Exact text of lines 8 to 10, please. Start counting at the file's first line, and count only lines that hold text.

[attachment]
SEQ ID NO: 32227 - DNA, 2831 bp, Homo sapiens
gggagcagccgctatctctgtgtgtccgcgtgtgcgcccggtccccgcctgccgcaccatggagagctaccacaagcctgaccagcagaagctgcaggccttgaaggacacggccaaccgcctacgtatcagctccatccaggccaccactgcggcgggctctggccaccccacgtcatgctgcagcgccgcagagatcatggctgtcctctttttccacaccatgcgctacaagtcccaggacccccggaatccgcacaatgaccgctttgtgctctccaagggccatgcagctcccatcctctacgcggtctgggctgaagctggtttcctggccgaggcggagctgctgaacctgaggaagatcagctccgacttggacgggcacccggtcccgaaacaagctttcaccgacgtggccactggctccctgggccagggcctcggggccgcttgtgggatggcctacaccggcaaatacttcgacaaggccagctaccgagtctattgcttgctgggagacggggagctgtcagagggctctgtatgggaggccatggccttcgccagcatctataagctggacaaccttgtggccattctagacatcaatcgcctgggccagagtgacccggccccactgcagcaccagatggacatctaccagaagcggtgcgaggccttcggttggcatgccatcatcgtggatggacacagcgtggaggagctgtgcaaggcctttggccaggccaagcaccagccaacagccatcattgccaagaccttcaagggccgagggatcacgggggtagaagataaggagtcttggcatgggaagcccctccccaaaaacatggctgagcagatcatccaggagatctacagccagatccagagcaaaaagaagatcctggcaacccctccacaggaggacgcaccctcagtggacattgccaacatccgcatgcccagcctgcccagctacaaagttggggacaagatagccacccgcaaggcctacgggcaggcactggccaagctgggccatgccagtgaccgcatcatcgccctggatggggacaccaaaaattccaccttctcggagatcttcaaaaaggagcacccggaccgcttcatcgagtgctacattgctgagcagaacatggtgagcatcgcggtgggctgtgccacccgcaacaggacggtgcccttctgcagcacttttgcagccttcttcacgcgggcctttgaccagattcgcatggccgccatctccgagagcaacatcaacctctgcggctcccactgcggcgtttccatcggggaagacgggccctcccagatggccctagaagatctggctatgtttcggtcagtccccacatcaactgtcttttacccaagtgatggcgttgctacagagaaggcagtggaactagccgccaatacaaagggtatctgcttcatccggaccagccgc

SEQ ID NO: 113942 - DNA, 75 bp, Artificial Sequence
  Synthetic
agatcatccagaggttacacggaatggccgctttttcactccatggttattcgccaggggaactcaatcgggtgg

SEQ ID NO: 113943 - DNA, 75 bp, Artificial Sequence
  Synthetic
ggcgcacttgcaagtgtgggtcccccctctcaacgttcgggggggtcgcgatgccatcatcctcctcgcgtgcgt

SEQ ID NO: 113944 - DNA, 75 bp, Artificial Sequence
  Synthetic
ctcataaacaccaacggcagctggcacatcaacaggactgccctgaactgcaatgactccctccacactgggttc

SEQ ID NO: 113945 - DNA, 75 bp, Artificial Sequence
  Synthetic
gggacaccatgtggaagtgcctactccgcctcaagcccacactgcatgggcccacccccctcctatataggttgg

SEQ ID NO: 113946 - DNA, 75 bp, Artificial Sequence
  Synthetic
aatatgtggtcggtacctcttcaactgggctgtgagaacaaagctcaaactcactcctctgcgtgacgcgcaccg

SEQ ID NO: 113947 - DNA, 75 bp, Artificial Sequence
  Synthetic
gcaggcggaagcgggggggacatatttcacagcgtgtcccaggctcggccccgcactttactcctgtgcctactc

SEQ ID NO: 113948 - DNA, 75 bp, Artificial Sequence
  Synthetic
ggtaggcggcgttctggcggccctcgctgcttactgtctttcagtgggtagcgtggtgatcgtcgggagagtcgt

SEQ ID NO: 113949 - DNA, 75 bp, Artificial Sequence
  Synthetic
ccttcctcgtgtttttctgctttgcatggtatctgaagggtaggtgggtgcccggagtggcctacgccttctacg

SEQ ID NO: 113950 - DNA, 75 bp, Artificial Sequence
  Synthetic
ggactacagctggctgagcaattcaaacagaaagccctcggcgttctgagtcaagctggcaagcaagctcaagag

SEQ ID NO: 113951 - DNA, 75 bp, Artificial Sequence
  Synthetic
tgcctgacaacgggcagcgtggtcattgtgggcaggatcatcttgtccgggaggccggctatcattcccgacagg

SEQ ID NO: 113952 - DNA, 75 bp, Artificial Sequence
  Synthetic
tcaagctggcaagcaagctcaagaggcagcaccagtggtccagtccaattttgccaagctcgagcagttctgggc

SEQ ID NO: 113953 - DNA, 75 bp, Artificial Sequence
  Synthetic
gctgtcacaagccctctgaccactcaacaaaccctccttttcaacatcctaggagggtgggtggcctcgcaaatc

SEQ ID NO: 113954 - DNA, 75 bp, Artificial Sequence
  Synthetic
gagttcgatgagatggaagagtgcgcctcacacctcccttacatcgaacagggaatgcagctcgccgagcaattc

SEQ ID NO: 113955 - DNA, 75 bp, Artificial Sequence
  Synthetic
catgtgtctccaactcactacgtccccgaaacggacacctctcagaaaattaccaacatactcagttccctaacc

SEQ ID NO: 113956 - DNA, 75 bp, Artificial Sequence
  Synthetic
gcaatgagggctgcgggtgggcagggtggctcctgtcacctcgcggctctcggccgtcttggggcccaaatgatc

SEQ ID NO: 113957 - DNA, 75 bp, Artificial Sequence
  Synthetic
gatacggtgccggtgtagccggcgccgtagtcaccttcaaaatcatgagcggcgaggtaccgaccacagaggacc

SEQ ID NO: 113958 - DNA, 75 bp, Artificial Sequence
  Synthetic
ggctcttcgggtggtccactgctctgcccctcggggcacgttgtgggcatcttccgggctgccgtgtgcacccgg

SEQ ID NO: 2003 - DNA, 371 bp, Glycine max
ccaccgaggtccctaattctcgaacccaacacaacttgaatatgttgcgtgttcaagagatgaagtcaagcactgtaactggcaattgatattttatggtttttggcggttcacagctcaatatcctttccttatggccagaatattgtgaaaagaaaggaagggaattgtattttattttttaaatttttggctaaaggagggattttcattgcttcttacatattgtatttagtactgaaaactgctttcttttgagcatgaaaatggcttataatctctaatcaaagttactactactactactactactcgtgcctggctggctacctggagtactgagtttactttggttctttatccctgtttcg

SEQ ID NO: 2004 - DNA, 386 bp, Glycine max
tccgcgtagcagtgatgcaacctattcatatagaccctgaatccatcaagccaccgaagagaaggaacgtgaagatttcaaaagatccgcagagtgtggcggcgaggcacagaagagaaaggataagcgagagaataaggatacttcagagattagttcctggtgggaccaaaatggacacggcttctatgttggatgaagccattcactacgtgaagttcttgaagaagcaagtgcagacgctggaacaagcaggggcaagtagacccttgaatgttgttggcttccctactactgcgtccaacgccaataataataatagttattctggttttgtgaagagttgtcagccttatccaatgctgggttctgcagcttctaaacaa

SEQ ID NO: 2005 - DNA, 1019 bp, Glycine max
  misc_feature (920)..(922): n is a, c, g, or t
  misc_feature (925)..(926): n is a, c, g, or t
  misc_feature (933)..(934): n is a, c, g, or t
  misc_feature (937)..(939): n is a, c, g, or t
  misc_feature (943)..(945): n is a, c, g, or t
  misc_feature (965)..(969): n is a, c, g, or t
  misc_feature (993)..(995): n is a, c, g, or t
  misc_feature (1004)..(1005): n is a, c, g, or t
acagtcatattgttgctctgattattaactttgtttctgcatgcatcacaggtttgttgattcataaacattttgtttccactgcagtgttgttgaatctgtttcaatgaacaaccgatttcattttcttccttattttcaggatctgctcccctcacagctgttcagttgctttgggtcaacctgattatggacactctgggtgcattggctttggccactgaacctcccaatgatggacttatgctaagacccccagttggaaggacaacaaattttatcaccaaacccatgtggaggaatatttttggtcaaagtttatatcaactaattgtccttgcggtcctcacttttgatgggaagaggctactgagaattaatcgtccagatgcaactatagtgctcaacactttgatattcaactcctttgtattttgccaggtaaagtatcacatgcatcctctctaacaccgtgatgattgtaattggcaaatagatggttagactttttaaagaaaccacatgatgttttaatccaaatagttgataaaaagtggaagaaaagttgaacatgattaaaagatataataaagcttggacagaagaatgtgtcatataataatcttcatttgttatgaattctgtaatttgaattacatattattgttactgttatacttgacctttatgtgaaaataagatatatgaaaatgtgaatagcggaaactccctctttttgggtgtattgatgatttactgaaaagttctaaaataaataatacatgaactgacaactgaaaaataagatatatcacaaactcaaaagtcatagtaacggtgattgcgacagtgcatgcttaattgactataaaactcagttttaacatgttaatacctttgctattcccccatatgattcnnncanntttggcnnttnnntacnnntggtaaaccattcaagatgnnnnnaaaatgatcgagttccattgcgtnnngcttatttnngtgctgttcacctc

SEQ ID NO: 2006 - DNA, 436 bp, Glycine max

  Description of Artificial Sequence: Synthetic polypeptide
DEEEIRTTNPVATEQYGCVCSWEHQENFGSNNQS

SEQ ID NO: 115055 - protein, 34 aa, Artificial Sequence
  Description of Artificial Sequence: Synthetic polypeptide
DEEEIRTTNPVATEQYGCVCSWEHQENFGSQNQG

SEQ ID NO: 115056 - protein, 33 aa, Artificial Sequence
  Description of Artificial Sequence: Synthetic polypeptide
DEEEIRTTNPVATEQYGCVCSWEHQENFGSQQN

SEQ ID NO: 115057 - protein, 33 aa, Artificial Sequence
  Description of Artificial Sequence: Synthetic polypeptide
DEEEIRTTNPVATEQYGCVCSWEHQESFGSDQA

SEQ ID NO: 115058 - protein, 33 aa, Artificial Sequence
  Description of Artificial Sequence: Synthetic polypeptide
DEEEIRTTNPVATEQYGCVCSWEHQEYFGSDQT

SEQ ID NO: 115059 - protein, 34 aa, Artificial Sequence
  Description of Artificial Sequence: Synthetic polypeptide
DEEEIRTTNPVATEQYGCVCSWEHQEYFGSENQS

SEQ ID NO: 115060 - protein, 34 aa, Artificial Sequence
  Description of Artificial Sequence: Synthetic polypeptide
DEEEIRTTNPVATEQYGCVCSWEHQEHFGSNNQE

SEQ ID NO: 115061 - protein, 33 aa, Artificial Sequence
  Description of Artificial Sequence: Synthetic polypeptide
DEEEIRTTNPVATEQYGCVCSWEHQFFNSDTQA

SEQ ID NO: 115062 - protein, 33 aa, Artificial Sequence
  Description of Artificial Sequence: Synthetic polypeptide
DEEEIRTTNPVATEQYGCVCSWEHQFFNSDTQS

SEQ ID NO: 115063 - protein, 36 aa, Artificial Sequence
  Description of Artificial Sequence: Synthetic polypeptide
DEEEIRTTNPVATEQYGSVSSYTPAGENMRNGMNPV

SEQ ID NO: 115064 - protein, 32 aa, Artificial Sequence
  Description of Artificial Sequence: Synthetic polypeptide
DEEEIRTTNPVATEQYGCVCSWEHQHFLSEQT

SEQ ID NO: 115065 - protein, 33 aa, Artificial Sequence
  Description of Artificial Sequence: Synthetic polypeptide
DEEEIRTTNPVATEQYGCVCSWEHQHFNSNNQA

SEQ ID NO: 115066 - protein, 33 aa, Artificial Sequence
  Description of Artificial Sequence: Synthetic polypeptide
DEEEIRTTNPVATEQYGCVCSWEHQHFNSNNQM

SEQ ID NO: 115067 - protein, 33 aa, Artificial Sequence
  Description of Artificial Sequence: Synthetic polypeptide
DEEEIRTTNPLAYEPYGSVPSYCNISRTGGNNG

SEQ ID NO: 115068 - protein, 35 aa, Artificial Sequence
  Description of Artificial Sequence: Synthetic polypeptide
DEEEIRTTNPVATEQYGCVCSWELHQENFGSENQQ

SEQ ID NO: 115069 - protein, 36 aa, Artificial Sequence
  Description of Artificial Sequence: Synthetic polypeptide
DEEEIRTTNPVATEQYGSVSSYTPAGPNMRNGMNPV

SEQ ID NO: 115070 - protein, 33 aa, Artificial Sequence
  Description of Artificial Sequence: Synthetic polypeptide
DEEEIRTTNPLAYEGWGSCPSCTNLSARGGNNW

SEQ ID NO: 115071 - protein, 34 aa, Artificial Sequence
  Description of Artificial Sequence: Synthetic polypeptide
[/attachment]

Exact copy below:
ggcgcacttgcaagtgtgggtcccccctctcaacgttcgggggggtcgcgatgccatcatcctcctcgcgtgcgt

SEQ ID NO: 113944 - DNA, 75 bp, Artificial Sequence
  Synthetic